And I got to experience the online frustrations with Halo 2 in person.

    Understand that normally when I pack my 'boxes for travel, I'm setting up with people I know, and there's some accountability and openness on calling each other on stuff. Online, there are a lot of jerks (from my experience, a majority of jerks). By "jerks" I genuinely mean people of deficient character.

    This weekend was definitely more toward the former, with some educable opportunities thrown in.

    Pet peeve #1 came in the form of things like 4-on-4 capture the flag. One game took freaking forever, but not just because the team's were evenly matched (though there was some of that). It took forever because 2 guys on my team (who are experienced with Halo 2) were playing their own game. I would get the opposing flag, my buddy would be guarding our flag, and I'd be asking the guys sitting next to me (this is important) for cover. They'd be so lost in their own conversation they wouldn't hear me. I'd look at their portion of the screen, and they're up on the mountain, not with a sniper rifle, but arguing about who's going to take invisibility, and trading the shotgun for the rocket launcher, etc. Freaking irritating, and it ultimately cost us the match (3-2 on Blood Gulch, because even two very good players can't take on 4 in capture the flag).

    The other bigger pet peeve I have is liars -- in general, but especially about video games.

    We had a group of kids from another retreat come in, ask what we were playing, and ask if they could play. One guy even said, "I'm not very good at this game." Then in team slayer, they mopped the floor with us 50-5. Surprise, they play all the time on the same team on Xbox Live.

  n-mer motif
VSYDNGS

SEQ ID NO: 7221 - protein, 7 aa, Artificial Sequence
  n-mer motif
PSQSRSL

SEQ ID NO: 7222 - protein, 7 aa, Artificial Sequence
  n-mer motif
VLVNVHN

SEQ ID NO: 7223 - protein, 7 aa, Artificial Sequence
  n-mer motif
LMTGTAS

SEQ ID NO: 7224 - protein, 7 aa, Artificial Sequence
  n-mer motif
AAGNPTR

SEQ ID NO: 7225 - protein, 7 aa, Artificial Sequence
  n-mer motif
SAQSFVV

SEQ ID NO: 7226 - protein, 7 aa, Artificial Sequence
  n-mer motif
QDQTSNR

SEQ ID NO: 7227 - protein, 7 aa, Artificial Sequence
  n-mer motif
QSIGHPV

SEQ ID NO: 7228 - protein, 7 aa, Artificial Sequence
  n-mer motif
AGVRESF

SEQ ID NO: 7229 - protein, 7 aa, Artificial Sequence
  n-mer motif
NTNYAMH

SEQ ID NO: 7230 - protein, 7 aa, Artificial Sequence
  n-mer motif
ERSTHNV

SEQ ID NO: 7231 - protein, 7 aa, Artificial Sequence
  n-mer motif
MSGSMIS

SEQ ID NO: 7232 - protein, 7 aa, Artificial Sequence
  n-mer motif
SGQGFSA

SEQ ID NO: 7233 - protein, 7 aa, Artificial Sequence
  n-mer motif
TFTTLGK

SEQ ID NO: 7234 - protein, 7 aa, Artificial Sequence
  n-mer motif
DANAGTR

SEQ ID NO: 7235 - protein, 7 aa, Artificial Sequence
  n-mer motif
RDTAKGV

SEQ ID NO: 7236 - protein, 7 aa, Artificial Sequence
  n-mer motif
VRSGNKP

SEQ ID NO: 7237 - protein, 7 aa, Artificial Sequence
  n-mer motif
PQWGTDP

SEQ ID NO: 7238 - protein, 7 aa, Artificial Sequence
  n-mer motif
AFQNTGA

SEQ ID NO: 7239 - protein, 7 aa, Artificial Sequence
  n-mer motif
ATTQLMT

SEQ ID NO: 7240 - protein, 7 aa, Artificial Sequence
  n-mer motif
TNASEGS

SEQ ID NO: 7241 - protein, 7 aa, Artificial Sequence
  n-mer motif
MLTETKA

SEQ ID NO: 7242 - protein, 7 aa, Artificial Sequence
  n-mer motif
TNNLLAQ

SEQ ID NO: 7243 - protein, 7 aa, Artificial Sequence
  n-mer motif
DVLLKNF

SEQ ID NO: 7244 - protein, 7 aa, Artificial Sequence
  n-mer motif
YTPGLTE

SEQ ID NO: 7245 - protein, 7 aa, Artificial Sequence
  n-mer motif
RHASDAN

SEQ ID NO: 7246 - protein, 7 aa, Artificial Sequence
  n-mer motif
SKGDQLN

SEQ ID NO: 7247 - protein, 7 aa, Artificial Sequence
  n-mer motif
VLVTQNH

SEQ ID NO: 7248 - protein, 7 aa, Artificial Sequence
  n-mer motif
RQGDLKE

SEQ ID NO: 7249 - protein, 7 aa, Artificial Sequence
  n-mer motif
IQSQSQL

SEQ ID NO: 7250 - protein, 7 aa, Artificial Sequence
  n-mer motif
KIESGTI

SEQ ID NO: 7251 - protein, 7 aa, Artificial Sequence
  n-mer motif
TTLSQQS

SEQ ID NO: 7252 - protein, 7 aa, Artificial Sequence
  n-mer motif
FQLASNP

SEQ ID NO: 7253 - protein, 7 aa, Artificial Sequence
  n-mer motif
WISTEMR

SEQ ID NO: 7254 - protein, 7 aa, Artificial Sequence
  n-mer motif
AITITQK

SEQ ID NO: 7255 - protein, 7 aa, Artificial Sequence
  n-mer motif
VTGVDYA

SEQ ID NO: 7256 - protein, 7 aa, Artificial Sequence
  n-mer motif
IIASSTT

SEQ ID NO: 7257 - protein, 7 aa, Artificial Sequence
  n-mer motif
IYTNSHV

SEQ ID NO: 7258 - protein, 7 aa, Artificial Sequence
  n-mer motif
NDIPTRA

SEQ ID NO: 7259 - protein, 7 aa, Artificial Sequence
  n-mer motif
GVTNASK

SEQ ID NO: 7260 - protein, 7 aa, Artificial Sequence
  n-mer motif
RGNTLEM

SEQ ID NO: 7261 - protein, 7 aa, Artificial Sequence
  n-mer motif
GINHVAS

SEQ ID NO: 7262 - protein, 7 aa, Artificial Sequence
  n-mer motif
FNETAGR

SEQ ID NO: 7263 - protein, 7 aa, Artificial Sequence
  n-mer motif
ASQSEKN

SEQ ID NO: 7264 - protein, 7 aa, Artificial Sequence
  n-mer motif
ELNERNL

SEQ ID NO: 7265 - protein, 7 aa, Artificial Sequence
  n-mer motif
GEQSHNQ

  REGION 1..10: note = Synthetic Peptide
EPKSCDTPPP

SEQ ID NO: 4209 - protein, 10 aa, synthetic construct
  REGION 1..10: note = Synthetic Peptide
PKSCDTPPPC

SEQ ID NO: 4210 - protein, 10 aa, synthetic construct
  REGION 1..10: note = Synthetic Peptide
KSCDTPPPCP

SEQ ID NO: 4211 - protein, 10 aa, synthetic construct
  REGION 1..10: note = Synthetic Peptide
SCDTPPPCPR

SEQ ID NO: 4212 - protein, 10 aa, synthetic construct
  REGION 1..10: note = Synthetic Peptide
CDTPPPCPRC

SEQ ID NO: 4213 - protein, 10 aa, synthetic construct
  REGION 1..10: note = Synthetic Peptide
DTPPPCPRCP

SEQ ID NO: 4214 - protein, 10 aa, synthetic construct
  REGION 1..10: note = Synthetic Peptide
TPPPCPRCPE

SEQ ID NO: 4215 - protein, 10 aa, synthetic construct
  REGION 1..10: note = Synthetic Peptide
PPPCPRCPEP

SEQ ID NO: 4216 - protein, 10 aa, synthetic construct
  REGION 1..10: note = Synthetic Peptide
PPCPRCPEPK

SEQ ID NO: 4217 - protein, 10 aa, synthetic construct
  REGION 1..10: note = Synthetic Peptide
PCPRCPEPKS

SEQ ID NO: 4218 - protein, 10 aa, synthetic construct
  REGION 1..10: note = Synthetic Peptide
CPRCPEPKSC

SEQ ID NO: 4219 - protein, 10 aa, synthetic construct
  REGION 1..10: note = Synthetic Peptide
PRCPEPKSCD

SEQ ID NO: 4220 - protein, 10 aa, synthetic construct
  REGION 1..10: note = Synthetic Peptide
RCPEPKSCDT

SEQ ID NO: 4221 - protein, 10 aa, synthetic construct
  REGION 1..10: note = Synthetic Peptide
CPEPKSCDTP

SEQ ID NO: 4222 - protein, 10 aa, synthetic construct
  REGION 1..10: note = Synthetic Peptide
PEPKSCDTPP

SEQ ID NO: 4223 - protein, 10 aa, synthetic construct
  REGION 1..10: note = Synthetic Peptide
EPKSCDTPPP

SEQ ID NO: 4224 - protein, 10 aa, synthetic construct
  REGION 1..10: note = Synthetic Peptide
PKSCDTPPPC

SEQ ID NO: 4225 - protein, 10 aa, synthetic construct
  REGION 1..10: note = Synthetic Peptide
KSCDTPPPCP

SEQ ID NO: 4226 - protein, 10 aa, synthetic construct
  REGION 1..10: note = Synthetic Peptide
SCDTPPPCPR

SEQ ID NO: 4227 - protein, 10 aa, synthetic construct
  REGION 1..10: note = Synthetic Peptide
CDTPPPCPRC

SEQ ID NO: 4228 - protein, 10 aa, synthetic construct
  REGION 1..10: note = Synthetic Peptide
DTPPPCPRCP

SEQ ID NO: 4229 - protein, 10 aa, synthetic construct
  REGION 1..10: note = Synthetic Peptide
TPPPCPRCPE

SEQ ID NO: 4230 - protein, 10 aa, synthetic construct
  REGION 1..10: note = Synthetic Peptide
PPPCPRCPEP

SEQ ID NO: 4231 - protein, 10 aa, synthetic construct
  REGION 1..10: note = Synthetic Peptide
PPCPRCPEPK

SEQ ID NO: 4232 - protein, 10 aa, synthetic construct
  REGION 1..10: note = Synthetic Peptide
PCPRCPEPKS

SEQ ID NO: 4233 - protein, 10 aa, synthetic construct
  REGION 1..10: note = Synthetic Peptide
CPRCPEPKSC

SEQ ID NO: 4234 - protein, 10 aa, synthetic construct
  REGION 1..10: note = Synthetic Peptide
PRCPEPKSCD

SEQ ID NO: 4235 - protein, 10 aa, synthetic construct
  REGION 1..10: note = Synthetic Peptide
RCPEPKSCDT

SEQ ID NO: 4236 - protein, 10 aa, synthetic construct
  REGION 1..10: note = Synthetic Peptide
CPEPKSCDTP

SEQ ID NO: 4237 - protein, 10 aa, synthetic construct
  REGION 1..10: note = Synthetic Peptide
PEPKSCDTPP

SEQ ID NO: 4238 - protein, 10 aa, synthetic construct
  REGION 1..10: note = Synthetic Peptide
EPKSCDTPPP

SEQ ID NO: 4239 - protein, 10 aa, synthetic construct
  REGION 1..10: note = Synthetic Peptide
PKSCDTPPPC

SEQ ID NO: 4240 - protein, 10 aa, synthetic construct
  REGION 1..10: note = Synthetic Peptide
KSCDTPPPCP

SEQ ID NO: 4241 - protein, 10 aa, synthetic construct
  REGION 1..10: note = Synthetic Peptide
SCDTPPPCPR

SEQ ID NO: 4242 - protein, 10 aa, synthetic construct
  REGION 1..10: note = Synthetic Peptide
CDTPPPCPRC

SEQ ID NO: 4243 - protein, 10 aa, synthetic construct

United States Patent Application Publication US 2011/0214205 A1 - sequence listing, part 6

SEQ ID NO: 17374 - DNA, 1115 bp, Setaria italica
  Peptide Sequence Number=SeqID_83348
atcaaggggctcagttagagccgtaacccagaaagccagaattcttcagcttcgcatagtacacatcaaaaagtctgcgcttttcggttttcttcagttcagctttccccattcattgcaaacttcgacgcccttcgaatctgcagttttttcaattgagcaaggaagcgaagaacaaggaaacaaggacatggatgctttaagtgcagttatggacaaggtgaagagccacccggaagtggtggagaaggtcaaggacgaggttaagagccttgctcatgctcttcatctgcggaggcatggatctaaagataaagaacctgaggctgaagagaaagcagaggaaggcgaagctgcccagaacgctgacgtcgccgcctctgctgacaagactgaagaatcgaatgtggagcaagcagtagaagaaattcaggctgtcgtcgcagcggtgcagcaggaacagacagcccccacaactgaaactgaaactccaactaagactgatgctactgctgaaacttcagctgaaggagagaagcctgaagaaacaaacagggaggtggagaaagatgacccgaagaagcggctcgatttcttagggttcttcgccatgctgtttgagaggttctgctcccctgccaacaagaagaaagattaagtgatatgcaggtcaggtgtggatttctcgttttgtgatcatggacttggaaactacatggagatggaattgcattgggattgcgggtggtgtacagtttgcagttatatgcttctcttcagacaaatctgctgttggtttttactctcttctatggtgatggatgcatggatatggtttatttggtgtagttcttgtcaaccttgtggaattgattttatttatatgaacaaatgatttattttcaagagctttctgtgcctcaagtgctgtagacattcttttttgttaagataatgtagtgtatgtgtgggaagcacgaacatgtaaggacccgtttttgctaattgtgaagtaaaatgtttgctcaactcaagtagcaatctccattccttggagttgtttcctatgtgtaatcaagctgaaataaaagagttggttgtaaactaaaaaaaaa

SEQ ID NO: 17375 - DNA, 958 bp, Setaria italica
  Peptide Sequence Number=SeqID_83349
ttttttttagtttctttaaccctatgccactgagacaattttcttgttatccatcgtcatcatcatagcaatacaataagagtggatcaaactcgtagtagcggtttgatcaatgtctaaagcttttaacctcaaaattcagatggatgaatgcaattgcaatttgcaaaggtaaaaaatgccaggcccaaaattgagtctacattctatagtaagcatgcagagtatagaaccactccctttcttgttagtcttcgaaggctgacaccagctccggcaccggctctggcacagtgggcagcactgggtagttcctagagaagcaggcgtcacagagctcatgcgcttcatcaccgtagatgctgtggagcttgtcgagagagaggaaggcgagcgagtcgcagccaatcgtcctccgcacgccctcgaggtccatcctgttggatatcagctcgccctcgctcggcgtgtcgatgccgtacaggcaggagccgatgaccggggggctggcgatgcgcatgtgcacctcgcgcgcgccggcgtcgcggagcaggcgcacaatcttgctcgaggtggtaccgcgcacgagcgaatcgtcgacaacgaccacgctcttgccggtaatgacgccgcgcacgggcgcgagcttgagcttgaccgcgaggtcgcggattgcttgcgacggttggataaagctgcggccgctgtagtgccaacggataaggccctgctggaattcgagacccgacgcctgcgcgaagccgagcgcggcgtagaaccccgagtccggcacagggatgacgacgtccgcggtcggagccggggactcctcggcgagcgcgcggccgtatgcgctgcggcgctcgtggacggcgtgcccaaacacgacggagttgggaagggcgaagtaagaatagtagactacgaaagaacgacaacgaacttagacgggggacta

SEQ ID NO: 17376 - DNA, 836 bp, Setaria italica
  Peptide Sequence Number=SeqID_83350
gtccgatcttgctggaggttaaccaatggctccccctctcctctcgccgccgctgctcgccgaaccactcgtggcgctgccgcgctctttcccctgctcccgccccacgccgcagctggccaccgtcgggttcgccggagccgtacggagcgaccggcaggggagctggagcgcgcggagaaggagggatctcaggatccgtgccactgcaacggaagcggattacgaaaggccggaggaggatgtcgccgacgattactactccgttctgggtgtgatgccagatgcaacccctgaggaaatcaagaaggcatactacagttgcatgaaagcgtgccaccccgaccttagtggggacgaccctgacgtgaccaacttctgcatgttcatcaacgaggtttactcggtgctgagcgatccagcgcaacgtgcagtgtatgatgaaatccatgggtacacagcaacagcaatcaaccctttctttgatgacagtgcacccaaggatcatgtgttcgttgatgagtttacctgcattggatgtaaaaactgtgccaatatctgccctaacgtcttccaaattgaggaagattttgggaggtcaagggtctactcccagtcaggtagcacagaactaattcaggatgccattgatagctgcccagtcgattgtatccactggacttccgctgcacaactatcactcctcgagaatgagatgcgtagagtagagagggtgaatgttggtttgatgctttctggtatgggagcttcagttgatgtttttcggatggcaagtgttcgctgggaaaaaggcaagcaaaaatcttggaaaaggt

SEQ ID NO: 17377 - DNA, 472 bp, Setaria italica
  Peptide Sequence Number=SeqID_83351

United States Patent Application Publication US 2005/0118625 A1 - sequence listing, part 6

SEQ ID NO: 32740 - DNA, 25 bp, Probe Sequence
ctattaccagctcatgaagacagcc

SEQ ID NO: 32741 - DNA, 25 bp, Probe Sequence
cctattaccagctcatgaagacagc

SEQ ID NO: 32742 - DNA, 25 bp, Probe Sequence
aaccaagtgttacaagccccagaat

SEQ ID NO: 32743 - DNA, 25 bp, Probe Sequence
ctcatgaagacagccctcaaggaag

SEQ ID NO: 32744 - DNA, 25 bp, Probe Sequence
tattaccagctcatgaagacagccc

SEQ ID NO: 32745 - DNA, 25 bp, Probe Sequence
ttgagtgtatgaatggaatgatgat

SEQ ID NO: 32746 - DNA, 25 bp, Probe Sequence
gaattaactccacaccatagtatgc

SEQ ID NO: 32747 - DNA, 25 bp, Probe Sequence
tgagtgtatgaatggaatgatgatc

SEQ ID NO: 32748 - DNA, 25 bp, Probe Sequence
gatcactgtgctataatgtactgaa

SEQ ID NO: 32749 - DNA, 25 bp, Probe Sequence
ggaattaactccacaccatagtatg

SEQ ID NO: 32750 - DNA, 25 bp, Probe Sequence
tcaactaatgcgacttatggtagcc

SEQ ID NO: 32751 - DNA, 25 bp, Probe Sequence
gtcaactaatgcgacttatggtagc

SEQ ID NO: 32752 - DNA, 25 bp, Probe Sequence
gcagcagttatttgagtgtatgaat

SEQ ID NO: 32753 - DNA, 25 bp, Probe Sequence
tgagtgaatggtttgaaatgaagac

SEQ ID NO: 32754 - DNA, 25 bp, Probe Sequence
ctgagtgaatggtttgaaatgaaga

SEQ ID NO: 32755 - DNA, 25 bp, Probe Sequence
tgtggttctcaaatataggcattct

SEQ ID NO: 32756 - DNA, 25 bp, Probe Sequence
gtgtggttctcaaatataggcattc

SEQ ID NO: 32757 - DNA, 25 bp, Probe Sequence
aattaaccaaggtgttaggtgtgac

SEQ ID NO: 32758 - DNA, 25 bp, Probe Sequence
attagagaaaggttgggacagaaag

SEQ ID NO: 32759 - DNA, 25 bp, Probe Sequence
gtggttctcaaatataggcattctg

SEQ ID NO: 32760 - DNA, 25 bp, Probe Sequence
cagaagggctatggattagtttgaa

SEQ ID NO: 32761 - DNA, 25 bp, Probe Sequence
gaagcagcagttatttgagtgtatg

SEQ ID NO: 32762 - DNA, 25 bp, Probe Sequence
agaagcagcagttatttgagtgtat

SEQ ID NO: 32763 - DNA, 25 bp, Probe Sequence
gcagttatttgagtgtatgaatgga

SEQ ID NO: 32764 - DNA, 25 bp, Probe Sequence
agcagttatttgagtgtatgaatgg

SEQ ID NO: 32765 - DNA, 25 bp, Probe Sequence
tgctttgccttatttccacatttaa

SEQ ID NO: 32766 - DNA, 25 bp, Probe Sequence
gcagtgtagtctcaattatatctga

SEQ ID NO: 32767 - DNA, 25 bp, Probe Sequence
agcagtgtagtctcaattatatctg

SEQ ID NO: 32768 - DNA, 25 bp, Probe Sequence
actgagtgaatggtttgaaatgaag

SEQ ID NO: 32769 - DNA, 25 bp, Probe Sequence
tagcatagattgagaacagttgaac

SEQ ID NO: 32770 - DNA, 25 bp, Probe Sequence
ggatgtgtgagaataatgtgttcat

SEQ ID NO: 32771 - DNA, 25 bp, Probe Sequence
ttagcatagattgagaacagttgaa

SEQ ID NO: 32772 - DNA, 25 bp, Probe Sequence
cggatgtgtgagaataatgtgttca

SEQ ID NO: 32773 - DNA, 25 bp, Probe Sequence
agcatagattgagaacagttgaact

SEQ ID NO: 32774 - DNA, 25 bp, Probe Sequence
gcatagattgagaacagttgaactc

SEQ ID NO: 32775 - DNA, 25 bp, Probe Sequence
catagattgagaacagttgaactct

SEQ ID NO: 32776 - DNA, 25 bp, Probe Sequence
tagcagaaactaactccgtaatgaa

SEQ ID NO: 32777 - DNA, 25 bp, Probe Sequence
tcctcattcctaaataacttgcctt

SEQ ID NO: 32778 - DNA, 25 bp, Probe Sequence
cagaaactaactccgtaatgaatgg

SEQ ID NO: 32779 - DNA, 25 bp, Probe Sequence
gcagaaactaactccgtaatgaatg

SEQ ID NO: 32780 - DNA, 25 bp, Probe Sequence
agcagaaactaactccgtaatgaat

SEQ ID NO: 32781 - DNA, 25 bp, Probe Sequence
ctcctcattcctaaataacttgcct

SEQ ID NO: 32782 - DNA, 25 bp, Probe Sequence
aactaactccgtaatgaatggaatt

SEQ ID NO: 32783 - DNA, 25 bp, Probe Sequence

Me being me, I called them on it.
    "Seriously, lying is pointless, but lying about a video game? C'Mon, guys! You
    -- you even said, 'I'm not very good at this game.' Nice. Knock it off. Let's go

    They were surprised we wanted to play again, but I split the teams (and kept the match team-based, because experience has shown me people with character problems will play online as a team in individual death match just so one of them will win). The game was more even, and (interestingly), they didn't enjoy it as much.

    Those gripes aside, it was a good experience, I seriously enjoyed sharing something I'm passionate about with people who don't experience it much, and it woke me up to some accessibility and design considerations to give back to developers, and to consider for my own game development.

    And to think the rest of the weekend (outside of gaming) was even more rewarding ...

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    Wednesday, January 17, 2007

    My Xbox 360 is talking ...

    Or, blogging, actually. True now-gen innovation is putting a HAL-ified Xbox 360 into the blogosphere.

    I've been meaning to try for a awhile, and finally took the plunge.